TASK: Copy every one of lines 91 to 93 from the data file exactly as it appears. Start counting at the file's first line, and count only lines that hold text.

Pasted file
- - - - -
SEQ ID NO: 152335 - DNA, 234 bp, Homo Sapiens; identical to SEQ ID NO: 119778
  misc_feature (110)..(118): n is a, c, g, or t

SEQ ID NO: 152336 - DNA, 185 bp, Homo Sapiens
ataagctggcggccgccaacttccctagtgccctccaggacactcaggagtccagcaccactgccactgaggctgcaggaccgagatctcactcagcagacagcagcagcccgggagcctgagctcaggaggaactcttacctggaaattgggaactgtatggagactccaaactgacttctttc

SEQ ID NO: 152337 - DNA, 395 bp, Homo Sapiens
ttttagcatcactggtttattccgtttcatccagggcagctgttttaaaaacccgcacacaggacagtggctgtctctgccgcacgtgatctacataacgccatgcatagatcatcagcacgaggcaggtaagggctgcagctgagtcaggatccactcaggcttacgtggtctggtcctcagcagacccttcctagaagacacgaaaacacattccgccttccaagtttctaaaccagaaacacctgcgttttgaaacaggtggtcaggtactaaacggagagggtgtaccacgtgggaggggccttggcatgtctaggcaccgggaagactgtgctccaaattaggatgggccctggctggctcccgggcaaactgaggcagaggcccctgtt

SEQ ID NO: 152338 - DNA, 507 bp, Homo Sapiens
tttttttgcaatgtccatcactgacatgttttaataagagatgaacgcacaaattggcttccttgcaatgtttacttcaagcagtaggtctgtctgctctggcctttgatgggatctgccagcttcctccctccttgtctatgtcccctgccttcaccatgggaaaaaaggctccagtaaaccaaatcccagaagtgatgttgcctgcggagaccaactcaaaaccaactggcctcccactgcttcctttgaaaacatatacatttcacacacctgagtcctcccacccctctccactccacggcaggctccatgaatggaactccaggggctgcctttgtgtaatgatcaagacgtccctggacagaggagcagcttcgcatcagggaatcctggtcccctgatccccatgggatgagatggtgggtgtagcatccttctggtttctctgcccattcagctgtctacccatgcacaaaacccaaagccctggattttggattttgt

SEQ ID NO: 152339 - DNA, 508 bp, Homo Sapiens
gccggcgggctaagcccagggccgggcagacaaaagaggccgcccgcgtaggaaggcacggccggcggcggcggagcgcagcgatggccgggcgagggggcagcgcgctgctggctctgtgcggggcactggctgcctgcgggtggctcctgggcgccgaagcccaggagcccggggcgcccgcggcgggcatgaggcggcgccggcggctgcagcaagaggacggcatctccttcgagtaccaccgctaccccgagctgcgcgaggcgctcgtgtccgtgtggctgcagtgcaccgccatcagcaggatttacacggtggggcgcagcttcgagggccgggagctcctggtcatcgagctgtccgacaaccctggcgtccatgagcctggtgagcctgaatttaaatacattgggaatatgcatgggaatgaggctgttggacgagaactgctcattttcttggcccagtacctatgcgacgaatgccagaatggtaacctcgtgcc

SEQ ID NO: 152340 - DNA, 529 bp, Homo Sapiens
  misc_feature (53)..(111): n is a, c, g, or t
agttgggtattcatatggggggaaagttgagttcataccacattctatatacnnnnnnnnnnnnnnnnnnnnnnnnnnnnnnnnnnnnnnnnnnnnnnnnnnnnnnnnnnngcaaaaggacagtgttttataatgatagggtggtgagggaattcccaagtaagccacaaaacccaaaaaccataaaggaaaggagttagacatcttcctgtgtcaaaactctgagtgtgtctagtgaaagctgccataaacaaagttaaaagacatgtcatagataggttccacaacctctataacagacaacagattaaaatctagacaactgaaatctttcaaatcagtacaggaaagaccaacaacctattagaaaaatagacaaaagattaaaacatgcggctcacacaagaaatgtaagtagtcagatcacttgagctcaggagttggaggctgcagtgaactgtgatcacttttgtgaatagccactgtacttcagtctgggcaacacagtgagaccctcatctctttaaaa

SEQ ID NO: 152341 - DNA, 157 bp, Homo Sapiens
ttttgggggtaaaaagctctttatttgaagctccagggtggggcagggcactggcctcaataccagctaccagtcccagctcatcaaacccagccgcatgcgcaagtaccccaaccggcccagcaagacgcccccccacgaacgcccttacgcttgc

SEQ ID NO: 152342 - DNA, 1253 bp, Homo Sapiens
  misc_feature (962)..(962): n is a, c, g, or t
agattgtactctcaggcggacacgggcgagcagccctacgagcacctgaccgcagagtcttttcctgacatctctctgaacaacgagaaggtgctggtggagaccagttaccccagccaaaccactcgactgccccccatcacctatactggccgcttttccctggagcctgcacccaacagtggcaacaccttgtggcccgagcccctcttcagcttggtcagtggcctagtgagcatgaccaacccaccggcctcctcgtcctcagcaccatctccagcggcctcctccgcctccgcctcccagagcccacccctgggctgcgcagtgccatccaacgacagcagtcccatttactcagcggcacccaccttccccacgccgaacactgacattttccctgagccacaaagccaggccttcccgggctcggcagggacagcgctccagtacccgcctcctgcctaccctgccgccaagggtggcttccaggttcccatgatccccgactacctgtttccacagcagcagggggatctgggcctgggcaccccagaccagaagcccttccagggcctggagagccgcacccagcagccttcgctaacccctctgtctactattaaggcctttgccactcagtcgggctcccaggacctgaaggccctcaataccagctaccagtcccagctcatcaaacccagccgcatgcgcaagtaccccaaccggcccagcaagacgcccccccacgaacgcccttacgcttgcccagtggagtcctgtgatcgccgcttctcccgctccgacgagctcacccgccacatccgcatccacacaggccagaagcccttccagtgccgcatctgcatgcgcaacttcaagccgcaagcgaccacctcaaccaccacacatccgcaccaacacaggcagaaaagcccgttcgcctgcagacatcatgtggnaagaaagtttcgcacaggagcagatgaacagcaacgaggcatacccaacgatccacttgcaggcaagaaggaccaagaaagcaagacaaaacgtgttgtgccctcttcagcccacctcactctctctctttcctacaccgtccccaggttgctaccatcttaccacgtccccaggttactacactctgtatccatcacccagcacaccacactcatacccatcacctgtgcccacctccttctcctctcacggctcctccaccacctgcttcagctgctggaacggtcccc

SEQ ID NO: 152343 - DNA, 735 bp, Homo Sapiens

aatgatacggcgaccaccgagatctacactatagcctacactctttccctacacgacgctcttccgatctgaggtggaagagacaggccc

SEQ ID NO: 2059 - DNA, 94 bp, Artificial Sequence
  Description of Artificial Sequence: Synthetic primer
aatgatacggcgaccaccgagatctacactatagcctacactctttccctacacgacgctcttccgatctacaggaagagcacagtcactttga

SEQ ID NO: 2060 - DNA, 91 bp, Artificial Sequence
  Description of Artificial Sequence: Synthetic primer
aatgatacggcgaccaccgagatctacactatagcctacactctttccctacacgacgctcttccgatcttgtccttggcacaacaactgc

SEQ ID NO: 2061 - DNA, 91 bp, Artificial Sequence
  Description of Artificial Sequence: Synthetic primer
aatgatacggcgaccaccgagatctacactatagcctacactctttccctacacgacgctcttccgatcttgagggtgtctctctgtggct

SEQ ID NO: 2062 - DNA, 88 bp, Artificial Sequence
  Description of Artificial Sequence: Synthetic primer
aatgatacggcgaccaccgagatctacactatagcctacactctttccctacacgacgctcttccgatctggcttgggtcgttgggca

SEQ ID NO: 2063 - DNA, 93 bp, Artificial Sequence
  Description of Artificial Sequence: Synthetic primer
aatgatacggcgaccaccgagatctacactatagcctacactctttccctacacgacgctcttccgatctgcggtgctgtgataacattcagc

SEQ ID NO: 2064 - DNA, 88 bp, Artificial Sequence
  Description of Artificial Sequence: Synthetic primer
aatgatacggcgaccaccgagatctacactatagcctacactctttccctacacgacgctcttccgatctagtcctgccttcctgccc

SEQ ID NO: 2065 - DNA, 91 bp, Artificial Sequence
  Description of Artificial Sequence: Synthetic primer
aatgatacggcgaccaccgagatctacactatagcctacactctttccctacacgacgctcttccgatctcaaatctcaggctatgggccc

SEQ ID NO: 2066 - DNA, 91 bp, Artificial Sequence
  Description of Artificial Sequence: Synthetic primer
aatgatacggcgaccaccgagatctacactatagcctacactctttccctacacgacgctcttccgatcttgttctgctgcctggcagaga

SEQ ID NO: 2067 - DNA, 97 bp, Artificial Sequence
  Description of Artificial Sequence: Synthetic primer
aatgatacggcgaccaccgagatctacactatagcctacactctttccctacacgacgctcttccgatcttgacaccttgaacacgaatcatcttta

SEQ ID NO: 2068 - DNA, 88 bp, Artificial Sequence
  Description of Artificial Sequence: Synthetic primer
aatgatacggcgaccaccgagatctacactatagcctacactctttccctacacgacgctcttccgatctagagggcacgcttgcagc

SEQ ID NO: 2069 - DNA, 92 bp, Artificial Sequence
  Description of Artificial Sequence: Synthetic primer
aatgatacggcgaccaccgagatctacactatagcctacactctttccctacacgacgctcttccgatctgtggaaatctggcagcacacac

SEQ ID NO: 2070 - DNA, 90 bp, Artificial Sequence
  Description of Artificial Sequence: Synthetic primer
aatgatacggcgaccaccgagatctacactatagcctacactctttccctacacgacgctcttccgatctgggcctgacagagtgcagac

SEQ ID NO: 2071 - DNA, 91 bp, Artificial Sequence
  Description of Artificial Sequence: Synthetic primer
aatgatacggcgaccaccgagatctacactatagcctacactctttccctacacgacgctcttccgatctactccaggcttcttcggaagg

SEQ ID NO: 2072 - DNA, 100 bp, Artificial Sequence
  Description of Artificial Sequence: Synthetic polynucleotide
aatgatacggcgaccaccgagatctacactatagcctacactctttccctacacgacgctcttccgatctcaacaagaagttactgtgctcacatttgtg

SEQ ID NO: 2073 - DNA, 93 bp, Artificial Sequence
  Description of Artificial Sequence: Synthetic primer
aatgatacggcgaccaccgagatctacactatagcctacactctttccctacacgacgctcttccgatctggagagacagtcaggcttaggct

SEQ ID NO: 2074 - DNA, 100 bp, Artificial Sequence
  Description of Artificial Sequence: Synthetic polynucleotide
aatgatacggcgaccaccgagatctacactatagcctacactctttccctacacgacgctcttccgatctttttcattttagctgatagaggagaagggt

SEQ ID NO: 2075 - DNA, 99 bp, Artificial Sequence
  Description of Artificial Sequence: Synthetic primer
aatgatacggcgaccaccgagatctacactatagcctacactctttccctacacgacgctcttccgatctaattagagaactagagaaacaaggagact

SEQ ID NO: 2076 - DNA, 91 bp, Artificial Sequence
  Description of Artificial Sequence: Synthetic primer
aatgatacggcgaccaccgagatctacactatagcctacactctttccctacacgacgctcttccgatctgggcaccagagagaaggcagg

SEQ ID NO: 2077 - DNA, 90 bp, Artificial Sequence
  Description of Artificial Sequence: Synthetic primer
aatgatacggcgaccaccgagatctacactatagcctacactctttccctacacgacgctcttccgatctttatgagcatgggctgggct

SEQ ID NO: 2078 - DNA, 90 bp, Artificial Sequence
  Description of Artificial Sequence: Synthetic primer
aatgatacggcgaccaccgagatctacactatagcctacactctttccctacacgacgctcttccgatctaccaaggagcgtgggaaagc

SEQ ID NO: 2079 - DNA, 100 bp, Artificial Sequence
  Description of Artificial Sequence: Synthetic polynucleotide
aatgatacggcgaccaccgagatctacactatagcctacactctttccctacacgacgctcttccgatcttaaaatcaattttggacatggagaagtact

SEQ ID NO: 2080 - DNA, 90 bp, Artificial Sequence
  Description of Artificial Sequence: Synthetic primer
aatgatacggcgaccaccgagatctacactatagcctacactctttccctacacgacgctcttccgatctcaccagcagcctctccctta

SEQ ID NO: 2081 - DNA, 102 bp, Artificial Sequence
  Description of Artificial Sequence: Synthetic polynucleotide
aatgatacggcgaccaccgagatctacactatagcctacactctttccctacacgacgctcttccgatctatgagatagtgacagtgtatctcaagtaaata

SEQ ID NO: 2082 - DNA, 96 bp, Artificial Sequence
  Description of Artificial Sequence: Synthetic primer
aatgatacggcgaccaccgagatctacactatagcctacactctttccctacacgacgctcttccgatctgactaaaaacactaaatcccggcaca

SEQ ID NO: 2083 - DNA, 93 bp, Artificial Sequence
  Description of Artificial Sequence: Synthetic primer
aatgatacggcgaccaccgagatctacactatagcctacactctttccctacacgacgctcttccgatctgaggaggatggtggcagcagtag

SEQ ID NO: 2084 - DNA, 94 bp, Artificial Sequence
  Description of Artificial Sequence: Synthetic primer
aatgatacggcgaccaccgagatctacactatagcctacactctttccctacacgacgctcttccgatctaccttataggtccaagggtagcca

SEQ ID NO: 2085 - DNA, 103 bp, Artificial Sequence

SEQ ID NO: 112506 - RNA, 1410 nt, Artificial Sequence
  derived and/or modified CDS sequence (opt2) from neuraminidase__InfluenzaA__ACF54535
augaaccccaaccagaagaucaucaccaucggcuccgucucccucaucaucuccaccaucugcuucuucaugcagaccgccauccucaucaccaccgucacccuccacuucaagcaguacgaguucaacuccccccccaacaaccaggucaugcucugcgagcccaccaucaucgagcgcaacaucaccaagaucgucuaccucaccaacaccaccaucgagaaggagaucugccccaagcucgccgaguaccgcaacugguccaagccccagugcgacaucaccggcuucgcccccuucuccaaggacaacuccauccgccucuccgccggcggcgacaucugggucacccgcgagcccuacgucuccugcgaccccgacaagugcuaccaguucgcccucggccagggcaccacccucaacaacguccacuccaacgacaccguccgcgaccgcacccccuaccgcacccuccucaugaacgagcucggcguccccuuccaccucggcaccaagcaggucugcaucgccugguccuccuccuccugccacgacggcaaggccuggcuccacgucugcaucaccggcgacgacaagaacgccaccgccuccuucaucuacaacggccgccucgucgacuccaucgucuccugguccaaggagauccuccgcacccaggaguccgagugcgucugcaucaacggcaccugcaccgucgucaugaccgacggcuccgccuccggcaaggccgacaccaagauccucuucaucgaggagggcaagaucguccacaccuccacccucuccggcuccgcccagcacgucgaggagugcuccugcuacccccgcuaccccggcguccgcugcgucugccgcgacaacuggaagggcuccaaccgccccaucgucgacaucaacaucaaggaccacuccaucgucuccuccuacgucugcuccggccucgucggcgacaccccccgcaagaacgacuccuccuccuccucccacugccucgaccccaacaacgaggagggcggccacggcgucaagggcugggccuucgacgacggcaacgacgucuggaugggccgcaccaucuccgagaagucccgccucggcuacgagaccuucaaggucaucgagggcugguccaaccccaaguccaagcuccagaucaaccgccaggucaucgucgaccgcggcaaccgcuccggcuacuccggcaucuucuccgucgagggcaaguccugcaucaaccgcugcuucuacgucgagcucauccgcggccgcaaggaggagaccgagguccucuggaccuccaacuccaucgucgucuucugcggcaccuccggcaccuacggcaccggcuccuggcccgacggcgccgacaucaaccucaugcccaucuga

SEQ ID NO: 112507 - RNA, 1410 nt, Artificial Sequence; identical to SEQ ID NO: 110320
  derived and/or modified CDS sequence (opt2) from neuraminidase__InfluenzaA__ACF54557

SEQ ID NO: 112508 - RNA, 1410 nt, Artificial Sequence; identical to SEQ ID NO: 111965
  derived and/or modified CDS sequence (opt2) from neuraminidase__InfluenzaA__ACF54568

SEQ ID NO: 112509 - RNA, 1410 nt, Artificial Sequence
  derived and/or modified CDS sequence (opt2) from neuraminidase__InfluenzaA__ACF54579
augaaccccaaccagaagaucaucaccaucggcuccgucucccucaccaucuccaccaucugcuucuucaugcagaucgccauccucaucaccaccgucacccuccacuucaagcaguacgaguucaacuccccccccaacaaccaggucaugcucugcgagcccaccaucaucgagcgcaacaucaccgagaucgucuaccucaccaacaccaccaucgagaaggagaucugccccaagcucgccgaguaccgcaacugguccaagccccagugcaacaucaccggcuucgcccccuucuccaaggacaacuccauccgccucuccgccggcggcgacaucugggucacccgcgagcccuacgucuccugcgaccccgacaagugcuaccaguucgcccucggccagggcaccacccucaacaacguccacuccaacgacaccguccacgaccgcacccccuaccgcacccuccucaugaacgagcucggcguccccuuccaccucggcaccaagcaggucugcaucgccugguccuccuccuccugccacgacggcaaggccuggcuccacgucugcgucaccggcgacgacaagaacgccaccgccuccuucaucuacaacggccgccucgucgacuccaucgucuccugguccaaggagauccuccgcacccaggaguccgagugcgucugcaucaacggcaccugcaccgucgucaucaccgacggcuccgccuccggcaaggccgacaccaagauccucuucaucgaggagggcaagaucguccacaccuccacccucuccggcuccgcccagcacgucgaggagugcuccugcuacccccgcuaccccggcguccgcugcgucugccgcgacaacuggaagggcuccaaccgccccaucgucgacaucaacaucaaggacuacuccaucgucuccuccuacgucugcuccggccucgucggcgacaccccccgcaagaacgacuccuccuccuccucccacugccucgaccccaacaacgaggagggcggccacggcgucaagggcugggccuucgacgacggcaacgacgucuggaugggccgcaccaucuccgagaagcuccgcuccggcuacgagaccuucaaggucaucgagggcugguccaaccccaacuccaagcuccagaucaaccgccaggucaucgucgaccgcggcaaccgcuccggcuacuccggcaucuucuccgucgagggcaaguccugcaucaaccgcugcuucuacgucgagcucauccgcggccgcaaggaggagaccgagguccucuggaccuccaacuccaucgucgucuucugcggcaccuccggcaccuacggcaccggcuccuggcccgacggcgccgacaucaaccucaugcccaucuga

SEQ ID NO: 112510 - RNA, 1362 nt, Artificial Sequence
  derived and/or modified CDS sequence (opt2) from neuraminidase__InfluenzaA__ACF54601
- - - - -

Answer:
  Description of Artificial Sequence: Synthetic primer
aatgatacggcgaccaccgagatctacactatagcctacactctttccctacacgacgctcttccgatctgactaaaaacactaaatcccggcaca

SEQ ID NO: 2083 - DNA, 93 bp, Artificial Sequence